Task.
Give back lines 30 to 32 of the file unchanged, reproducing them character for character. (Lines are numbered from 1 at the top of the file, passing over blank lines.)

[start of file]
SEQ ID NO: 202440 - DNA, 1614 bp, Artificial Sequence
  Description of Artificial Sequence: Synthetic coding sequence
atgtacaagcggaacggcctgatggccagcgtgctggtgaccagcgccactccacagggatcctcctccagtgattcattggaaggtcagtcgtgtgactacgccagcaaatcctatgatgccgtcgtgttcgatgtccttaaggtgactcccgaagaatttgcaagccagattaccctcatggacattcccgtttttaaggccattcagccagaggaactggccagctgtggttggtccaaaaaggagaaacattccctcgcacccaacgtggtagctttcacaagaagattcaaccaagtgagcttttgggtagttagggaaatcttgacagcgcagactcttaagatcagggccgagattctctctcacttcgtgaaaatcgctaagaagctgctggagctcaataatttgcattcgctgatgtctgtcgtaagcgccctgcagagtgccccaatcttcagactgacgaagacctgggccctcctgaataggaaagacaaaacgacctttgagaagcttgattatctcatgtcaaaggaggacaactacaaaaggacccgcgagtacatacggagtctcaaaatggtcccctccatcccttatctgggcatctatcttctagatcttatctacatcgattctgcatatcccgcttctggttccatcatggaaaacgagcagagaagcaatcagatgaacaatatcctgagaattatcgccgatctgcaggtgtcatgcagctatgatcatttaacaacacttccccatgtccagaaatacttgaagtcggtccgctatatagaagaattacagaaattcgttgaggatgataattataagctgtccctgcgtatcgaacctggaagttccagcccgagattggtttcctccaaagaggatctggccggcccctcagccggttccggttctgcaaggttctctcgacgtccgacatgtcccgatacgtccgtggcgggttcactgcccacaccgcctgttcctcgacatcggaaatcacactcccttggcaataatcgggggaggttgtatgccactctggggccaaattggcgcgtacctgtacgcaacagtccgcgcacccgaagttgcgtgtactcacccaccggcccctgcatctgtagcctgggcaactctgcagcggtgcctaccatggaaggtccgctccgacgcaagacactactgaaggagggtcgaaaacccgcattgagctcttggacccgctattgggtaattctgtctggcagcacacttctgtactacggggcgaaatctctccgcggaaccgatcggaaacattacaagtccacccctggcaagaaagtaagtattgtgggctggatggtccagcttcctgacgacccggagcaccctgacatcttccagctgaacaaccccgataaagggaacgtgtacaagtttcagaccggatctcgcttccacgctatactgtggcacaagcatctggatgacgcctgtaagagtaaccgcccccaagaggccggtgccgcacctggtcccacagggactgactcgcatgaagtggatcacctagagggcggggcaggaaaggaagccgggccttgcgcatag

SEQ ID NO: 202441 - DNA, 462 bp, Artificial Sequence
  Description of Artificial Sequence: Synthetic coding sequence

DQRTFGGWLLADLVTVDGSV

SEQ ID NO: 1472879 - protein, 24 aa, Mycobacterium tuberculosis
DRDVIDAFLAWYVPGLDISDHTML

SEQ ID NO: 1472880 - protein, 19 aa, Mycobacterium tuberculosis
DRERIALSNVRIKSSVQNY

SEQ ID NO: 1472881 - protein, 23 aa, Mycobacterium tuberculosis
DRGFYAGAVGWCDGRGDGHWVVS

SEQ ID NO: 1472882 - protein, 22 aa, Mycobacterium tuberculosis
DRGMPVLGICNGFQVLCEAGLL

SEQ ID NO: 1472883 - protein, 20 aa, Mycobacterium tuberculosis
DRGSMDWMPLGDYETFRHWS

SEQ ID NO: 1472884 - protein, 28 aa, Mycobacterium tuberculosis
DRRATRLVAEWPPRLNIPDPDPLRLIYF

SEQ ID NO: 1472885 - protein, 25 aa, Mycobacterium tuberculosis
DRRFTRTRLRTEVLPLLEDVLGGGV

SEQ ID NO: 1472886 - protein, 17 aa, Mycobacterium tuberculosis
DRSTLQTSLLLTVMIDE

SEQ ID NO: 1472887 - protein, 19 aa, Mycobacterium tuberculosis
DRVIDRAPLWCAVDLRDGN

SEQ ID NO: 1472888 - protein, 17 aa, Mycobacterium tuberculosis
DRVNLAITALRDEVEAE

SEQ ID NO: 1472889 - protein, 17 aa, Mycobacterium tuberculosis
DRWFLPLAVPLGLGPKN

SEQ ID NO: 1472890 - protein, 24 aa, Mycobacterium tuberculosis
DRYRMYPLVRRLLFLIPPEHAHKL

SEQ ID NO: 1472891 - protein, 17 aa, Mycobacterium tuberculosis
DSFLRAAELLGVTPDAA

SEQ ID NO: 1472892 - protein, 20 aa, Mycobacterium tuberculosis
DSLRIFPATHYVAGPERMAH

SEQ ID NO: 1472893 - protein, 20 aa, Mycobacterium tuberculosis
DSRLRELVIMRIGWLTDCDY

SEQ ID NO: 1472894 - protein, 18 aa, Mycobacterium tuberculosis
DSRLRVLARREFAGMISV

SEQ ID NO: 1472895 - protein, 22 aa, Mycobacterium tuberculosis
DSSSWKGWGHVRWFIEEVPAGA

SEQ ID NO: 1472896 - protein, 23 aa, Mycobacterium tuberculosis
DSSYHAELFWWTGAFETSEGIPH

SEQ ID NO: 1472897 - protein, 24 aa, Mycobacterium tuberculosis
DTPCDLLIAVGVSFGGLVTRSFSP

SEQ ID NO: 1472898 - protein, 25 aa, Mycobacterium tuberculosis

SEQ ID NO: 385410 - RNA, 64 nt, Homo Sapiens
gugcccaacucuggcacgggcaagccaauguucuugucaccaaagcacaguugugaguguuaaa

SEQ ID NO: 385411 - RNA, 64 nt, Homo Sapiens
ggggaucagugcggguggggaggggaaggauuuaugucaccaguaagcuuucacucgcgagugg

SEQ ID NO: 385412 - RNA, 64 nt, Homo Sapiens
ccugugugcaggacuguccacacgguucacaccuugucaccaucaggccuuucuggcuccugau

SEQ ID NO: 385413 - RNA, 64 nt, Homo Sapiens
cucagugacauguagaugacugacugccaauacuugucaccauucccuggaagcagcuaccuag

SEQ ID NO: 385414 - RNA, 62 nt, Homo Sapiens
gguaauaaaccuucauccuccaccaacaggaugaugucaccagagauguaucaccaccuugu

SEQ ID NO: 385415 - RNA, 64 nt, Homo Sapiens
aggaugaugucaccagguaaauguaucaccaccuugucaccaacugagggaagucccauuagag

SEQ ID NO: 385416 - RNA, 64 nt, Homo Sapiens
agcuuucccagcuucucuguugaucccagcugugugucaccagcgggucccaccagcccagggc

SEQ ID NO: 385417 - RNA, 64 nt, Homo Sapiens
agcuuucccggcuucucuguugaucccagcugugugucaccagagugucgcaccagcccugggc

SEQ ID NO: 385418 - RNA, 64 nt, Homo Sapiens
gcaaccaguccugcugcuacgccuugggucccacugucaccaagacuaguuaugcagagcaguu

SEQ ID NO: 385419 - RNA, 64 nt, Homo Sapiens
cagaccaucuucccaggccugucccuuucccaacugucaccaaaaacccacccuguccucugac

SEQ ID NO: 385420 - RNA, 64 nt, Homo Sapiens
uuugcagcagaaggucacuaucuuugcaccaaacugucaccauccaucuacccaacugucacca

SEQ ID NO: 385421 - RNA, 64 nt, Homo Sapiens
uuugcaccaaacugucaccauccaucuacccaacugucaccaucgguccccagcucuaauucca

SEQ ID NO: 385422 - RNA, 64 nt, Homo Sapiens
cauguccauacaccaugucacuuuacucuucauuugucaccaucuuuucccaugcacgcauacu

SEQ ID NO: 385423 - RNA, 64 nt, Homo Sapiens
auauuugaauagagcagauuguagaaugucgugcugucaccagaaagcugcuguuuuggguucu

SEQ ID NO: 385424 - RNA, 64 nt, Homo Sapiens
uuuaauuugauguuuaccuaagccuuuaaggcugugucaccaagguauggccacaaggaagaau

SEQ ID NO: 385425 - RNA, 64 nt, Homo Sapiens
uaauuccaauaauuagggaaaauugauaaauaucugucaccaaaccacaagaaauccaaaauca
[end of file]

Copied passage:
DRYRMYPLVRRLLFLIPPEHAHKL

SEQ ID NO: 1472891 - protein, 17 aa, Mycobacterium tuberculosis
DSFLRAAELLGVTPDAA